Ecological disasters are nothing to mess with. About 30 years ago, a railroad chemical spill killed off a river from the Siskiyou County of Northern California. On Friday afternoon, twenty rail cars derailed near the same location, according to The Sacramento Bee.
Fortunately, nobody got hurt during the incident. Susan Stevens, who is a spokeswoman for the Union Pacific railroad, says that none of the train cars that derailed spilled any chemicals.
An investigation is ongoing
The cause of the derailment remains unknown for now, but the investigation continues.
The ecological disaster from three decades ago caused the leak of 19,500 gallons of herbicide turning the water neon green and killing all of the aquatic life. The estimation is that over 1 million fish died because of the disaster. Even residents and workers who responded to the ecological accident developed some health problems caused by inhalation of the fumes.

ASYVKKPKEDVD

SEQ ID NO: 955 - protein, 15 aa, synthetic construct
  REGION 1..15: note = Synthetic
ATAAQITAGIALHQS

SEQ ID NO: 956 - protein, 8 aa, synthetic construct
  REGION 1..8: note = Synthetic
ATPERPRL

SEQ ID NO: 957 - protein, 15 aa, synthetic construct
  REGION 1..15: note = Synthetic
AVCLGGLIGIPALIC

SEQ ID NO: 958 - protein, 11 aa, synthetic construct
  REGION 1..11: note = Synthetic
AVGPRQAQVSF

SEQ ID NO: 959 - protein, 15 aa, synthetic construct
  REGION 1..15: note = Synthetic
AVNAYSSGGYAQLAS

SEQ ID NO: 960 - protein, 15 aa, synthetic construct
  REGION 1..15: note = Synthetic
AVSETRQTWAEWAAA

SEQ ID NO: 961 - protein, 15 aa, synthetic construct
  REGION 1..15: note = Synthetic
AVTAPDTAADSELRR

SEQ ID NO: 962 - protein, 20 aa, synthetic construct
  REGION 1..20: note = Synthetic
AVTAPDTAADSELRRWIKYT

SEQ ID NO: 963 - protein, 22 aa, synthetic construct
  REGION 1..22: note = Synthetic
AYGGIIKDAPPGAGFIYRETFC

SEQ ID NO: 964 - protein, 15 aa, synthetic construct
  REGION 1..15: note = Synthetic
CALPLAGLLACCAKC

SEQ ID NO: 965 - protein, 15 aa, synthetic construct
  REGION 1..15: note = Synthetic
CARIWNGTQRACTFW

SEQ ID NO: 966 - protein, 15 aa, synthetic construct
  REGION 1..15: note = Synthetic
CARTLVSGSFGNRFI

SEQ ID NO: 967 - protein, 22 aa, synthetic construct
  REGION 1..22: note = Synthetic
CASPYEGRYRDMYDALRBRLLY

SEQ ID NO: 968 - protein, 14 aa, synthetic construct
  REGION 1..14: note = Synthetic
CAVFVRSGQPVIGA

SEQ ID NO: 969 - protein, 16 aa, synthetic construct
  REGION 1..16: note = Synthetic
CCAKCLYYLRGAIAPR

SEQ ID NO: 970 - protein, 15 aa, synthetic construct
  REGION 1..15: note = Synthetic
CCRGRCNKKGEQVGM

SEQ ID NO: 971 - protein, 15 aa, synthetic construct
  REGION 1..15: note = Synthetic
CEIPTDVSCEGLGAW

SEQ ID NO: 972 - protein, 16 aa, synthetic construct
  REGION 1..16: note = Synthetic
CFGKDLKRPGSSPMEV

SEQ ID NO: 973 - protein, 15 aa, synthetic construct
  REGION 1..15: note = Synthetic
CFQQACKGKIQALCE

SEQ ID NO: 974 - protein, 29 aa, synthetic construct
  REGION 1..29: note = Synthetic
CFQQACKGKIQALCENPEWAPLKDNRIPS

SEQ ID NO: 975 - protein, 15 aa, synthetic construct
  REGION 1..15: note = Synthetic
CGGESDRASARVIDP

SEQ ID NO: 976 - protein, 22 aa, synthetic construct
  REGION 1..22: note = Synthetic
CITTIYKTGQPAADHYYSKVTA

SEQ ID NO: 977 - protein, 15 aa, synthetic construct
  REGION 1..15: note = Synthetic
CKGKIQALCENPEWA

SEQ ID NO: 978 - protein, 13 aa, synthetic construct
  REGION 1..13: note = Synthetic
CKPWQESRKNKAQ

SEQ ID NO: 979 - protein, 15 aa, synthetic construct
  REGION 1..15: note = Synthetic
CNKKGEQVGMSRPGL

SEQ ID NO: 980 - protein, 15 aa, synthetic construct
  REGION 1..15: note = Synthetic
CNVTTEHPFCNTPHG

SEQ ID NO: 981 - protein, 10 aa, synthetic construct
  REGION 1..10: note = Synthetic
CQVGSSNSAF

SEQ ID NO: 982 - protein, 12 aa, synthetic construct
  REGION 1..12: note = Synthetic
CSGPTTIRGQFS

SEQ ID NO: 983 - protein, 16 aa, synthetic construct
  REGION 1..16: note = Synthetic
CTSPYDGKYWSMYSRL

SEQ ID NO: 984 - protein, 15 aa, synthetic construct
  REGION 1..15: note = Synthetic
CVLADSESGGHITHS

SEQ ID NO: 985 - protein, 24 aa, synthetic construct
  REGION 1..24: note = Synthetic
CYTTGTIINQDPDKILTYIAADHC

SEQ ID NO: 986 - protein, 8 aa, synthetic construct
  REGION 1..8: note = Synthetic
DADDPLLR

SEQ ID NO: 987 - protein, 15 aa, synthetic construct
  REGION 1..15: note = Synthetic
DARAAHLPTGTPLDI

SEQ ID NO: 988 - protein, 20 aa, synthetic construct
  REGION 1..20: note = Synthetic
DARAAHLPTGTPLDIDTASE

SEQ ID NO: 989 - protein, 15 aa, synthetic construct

Peter Arth, who was the top attorney for the California Public Utilities Commission, declared as quoted by sacbee.com:
The notion that you can chemically sterilize a river down to Shasta Lake, it really dealt a body blow to the little city of Dunsmuir.
Unfortunately, natural disasters occur pretty often. According to DoSomething.org, natural disasters occurring between 2000 and 2012 caused damage of $1.7 trillion and affected a number of 2.9 billion people.
The same source says that 2012 was the third consecutive year of natural disaster damage that exceeded $100 billion worldwide. Also, the previous year reached a record high: $371 billion.
According to McAleerLaw, the US Department of Transportation reveals that there are roughly 5,800 train-car crashes every year in the USA. Most of them occur at railroad crossings, and such accidents cause 600 deaths and injure roughly 2,300 people.